But with all that said, here are some thoughts on getting ideas that might be helpful
1. Ideas NEVER come when they're called. They prefer to sneak up on you when you're least expecting them, and I swear, sometimes they seem to work very hard to do it when it is most inconvenient for you. So I don't go and 'get' ideas, I just happen to be there when they turn up ... looking for a host. And part of my host responsibility is being relaxed and open. The harder you search for ideas the more elusive they can be. And if you look at them directly they will vanish, so a sideways glance is always best.
3. The best ideas are born from things that you find fun, surprising, intriguing and/or thought provoking. When I said your mind needs to be relaxed and open, I certainly didn't want to imply it should be empty. Ideas cannot spark inside a vacuum. Read, watch, experience things you enjoy, that matter to you, that make your brain skip and soar and crave. From serious news articles to memes and youtube clips, everything becomes grist to the mill. A little heart melting video of a chicken running to greet a beloved human was the spark for my most recent picture book story. But it was a throw away comment on a friend's facebook post containing a photo of a chicken that truly set the wheels in motion. Now I must wait to see if this idea that made it to the 30% that turn in to complete stories, makes it through to the next round of stories that become books.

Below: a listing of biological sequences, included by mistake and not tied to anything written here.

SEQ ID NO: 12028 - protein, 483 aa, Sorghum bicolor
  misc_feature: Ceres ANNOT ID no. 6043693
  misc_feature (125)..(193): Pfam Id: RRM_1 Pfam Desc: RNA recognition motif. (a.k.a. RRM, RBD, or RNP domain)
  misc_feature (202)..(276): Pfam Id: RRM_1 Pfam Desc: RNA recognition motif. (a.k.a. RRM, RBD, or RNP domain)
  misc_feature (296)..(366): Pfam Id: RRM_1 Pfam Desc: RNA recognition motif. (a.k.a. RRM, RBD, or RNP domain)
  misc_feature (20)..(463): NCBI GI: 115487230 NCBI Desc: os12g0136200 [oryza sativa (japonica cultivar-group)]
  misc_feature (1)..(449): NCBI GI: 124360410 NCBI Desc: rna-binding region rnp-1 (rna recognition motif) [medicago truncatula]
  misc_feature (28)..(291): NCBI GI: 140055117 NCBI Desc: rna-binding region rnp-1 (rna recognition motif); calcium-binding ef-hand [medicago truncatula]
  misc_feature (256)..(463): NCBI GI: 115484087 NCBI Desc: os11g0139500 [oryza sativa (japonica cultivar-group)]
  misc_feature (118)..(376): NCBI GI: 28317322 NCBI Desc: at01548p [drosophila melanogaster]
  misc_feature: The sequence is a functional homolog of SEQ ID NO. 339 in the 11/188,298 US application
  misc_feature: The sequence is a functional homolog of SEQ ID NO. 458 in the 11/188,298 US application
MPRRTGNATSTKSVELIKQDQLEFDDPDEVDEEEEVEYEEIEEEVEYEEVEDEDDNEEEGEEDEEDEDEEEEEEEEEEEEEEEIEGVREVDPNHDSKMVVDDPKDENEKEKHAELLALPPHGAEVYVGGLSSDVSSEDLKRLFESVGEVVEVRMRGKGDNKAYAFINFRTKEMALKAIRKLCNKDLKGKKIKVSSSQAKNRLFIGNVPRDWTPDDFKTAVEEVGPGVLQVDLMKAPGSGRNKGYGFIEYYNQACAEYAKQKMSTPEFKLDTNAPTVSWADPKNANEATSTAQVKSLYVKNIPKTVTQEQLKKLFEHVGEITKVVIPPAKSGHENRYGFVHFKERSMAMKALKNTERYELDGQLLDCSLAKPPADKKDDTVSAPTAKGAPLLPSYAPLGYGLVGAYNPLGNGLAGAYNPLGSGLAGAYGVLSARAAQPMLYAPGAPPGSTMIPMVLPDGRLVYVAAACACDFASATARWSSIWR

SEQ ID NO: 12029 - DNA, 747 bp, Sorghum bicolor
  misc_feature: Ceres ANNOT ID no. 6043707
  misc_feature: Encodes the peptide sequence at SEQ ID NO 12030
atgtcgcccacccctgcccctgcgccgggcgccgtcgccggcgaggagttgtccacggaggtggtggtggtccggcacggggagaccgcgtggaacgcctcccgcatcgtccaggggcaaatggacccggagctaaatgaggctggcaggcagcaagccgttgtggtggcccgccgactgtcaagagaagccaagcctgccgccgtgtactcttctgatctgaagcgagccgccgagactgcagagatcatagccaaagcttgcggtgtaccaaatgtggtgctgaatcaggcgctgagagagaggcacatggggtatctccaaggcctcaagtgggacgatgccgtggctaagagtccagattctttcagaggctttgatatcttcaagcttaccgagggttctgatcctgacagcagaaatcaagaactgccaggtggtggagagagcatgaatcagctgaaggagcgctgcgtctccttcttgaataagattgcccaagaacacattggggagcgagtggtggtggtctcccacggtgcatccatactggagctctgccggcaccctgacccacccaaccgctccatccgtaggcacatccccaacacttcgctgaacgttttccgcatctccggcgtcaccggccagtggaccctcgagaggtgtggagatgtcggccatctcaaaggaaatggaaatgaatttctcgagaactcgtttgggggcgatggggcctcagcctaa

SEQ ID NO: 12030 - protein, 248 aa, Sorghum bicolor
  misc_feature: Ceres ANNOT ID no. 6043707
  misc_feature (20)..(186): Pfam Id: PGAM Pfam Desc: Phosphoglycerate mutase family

4. There is no rhyme, reason, pattern or sequence to any of this. I can go months without a new idea although I am continually trying potential ones on to see if something develops. It is important to not get anxious about not finding something good to write about. As mentioned above those ideas inevitably turn up when you get busy with other stuff.
5. Don't panic if at first your idea does not seem to be whole. When I get an idea for a book it often initially appears as the tip of an iceberg, with a raging (but hard to justify) confidence that the rest of the ice is there under the water. The act of writing it down will usually tease the rest of it out. Sometimes it needs to be lured or enticed. Chocolate and compliments (yes you ARE a beautiful idea) work best.
6. While most of my ideas coalesce in an instant (even if I don't immediately have a grasp on all aspects), there are occasionally some which are slow burners, where something intriguing that I can't quite put my finger on keeps tumbling slow motion through my mind. The fact that I can't shake these thoughts reminds me to give them some space and freedom and to pay attention from time to time to see if they have ripened. There is no telling how long the slow burn might take. It can be weeks, months or even years and should not be rushed.
7. If you want to write, you will get ideas. It is important to believe that this is true because there is no reason why self fulfilling prophecies can't also be positive ones. If you embrace writing and keep your mind well stocked, be confident that the ideas are out there, waiting for you.